When I drink a beer I always look at the label to check the
design and especially the logo. Nothing reflects a company more than their logo. Think about Nike or Coca Cola or McDonalds. They are big brands showing their logo wherever they can. Every kid knows them. On the other hand: kids are unable to name trees based on pictures of their leaves.
Branding is probably one of the most important things for a growing company. Your company will be bound to its brand for a long time unless you want to spent money year after year on rebranding. Usually, your brand is build around your logo. If you get your logo done exactly right in the first round it will save you a lot of time and of course money later on.
When I designed the logo for the Clanconnel Brewing Company I started with a sketch for each of the 3-4 versions drawn with a pencil. This makes it easy for me to correct things in the early stage. Designing different versions in the beginning - exploring different ideas - gives the customer the value of choice. It also gives the customer an idea where it could head to at the end. This stage is very important as all other stages will depend on it.
Black on White
From my point of view a logo must first work in black on white. It is also very convenient for embroidery or flex printing. Think about business cards with embossing. There are several ways a one coloured logo will do a great job.
Colours are about feelings. If you think about red you will also think about love, passion, heat and other attributes you combine with it. This also depends on the background you come from. Red will mean something different for an Irish man than to someone from India. From a professional point of view you should know for whom your label will be designed and who your customers’ customer is. But colour is also something personal. That’s why I do a colour swatch.
You also have to keep in mind that the colours chosen on a non-calibrated screen will never look the same after you get the final products with your logo on them from the printing company. Similarly, they will look different if you print them with your ink- or laser printer.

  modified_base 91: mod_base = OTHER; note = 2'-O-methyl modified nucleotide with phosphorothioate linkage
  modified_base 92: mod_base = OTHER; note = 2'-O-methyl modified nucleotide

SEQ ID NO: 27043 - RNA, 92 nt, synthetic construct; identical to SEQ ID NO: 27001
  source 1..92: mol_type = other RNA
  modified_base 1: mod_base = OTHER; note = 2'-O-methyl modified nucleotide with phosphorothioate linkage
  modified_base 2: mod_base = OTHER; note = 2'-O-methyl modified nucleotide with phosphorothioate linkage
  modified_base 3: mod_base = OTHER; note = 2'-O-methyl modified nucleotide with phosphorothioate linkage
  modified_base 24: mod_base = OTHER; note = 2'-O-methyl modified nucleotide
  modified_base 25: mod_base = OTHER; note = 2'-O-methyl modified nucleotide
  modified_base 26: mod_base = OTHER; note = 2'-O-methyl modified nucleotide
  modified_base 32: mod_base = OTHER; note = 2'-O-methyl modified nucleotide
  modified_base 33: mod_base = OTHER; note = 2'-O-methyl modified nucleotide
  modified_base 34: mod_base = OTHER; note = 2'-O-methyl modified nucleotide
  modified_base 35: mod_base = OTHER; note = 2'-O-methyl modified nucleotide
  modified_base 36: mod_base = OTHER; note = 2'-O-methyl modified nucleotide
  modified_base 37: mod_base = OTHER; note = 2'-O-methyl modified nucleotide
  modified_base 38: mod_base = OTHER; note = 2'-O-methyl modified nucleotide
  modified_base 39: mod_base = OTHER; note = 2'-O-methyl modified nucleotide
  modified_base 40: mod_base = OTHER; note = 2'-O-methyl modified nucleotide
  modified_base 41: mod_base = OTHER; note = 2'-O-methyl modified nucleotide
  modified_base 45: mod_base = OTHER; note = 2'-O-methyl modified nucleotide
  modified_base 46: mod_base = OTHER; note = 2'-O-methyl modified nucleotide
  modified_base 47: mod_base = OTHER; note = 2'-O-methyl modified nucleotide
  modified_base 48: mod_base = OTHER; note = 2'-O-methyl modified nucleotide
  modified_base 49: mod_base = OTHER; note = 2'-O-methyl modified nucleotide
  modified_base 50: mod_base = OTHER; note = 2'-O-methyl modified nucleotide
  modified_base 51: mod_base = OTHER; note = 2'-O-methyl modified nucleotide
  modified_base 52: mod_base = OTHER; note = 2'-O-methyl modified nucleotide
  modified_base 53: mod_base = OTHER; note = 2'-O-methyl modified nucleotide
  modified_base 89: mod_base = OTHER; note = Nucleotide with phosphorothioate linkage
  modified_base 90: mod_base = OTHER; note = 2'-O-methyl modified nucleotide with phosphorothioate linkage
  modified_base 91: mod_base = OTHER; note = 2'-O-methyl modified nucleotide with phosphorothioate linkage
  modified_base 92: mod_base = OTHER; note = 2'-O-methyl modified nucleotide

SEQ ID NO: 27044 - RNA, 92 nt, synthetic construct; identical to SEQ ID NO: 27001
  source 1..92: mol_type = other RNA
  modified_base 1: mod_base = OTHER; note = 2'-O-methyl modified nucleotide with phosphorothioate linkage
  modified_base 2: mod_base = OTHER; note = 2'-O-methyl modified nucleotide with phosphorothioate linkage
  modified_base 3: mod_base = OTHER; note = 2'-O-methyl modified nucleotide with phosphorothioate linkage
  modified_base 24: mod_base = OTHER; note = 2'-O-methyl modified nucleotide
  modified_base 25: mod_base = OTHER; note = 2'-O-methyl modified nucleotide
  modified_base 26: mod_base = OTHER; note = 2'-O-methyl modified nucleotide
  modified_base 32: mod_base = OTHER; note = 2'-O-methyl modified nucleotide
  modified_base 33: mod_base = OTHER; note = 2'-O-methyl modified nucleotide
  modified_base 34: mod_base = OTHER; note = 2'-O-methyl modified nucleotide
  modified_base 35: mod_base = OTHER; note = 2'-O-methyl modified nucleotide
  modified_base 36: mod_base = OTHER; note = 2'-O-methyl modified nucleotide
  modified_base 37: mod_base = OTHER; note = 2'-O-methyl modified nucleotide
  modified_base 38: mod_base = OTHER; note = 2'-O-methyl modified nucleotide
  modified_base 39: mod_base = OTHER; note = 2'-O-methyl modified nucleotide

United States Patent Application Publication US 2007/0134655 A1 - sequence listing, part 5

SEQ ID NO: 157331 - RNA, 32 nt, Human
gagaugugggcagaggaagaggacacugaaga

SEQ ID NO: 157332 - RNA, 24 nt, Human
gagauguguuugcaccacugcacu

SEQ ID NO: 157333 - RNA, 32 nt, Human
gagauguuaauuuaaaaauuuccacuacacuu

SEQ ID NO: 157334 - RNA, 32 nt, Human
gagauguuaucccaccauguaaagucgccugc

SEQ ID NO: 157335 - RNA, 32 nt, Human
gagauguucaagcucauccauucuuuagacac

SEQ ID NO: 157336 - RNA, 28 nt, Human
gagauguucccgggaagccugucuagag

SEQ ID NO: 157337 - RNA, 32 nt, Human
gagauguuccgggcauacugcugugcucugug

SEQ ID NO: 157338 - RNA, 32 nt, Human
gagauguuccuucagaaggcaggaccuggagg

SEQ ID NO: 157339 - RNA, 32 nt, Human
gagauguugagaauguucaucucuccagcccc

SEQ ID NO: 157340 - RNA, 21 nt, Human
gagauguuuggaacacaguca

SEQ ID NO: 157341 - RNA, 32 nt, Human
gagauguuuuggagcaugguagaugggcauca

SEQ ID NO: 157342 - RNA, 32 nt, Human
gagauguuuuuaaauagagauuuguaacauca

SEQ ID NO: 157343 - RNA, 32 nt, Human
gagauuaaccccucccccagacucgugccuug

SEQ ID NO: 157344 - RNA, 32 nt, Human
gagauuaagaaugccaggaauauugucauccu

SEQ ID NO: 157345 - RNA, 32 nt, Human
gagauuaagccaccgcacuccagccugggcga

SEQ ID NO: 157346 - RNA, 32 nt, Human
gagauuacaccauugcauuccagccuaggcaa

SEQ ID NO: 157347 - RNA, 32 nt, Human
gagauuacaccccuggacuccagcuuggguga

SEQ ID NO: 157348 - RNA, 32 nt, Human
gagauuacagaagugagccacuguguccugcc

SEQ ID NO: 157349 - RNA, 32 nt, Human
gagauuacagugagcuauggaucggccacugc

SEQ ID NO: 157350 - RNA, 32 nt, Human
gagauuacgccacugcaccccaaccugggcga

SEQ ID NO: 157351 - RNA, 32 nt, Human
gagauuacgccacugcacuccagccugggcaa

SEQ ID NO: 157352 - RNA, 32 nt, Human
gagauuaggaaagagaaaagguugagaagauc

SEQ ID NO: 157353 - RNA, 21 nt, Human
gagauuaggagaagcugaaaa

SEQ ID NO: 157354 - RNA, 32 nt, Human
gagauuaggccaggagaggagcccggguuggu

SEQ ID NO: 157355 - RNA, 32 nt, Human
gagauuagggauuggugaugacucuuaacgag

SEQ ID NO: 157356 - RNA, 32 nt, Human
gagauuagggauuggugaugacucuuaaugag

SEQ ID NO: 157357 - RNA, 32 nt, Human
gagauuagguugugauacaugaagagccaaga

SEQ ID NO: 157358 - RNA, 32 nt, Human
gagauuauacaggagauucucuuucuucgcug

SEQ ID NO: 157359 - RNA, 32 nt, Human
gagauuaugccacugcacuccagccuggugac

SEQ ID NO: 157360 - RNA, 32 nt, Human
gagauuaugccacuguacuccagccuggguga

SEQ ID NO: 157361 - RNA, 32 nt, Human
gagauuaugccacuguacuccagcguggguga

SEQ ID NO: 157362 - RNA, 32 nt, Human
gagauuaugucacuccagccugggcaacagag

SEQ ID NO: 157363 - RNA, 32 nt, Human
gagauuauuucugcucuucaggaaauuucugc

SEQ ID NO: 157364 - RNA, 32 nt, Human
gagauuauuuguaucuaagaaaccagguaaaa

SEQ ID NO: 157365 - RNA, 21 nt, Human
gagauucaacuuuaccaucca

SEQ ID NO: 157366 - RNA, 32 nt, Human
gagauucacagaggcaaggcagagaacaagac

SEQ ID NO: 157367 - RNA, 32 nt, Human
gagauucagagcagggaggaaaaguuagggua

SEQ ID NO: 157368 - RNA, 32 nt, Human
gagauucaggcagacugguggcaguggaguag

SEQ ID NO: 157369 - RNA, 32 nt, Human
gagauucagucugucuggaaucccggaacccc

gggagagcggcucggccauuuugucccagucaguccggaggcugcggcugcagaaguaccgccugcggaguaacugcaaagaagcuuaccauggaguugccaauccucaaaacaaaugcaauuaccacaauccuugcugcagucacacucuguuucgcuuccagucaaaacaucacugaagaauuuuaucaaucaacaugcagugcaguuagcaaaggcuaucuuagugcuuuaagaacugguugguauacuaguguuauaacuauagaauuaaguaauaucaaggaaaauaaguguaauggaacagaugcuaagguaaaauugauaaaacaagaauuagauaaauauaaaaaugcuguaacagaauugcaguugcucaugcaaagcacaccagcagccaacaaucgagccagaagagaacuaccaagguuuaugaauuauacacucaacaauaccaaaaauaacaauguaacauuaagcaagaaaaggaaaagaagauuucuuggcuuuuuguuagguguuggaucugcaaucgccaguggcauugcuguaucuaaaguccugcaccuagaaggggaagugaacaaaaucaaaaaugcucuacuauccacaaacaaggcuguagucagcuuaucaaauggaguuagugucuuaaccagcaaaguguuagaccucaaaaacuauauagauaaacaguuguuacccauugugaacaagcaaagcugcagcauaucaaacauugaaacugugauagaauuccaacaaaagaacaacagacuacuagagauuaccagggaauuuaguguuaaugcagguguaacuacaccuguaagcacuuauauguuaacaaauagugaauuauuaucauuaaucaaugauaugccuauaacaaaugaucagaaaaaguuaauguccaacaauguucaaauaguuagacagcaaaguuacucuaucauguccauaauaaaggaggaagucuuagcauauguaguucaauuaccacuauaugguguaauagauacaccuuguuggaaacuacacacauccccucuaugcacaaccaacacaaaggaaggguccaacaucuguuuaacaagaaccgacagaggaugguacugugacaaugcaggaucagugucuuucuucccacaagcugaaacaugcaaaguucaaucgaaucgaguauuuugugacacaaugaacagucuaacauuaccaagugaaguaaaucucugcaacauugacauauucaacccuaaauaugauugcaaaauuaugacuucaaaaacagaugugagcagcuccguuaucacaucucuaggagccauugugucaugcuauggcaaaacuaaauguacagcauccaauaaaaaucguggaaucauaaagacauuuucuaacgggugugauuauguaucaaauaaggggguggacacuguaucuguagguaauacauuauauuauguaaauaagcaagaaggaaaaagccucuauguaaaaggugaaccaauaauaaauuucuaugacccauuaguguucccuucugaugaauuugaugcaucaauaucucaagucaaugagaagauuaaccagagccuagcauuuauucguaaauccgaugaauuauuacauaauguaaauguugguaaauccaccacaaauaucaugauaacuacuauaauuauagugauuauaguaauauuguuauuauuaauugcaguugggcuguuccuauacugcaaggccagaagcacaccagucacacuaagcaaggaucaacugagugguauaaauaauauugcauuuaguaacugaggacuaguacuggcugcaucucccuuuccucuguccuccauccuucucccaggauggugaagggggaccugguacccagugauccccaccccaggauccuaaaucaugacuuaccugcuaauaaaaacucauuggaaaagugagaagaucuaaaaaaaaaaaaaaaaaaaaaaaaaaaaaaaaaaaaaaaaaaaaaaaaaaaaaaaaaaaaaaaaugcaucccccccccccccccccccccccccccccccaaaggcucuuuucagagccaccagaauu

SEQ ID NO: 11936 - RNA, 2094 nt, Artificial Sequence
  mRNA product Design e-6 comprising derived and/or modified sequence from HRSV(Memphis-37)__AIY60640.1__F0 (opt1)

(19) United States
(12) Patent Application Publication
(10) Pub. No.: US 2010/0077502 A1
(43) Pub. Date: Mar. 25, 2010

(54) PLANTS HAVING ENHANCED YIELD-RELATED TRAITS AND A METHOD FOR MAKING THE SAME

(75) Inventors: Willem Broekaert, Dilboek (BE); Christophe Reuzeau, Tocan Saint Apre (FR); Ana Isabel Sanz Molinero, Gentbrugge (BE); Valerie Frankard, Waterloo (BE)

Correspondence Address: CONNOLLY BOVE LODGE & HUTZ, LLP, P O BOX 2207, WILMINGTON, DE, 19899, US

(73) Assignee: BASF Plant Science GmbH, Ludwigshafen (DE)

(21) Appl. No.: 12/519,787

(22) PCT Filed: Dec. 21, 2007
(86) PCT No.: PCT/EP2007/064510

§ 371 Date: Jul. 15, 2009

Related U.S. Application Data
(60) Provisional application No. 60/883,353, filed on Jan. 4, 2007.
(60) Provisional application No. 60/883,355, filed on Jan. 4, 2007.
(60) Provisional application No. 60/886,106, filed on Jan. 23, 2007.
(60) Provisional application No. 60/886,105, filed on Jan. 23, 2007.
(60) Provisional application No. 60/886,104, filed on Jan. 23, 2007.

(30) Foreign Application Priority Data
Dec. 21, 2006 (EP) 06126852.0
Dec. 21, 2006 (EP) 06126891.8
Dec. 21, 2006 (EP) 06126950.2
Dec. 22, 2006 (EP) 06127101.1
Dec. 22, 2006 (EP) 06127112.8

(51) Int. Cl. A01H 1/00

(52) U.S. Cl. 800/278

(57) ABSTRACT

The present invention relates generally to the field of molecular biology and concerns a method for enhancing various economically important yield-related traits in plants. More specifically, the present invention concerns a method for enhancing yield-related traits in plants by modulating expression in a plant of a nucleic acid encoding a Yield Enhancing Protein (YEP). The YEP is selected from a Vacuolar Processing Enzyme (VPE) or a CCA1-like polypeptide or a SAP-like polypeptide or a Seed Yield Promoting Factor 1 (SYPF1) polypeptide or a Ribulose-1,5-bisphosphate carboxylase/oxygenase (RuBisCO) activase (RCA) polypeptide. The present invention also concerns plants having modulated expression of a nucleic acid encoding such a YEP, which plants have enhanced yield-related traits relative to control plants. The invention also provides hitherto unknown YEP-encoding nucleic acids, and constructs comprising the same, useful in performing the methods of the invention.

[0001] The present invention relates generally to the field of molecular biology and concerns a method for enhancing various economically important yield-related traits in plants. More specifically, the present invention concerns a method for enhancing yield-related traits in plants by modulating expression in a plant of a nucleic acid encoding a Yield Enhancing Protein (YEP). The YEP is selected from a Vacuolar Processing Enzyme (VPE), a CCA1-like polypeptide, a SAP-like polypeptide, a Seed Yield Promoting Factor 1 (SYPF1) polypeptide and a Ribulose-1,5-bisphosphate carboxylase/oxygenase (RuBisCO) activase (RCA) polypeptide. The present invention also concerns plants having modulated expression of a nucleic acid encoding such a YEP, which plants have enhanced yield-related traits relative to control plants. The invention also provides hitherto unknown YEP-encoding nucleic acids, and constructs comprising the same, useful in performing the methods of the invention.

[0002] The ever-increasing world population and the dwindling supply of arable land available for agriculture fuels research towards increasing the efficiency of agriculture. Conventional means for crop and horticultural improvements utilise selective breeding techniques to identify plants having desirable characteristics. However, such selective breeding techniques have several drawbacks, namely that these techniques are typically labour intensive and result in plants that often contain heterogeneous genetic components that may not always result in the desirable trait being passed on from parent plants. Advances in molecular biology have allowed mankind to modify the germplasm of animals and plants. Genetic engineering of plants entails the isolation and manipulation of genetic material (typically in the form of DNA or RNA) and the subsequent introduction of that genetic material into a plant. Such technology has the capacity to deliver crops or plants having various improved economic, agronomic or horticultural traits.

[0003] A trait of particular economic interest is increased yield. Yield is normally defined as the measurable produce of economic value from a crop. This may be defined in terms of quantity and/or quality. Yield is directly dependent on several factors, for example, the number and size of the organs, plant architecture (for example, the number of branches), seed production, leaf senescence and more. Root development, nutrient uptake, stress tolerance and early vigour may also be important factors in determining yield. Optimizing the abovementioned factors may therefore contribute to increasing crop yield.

Once the colour settings are chosen the logo gets coloured further. It’s now mostly about details. This is sometimes the hardest part.
The whole process is a kind of ping pong sending files back and forth, keeping the brewery owner as close as possible. I always keep in mind that she/he has to live with the logo for a long time.
From logo to label
Once you are done with the logo it is only a short step towards a label. It’s mostly up to your customers. The process of developing it is nearly the same as for a logo. You could probably overstep the black on white step.
Your logo will show up on many places from letter head to the labels. It will most likely be printed hundreds of thousands of times. At best, your company will be recognized by it instantaneously. Therefore it's essential for both the brewery owner as well as the designer to really dig deep into what makes this company, this brand what it is and use the required amount of time and money to make sure that the logo is not just ok, but just right.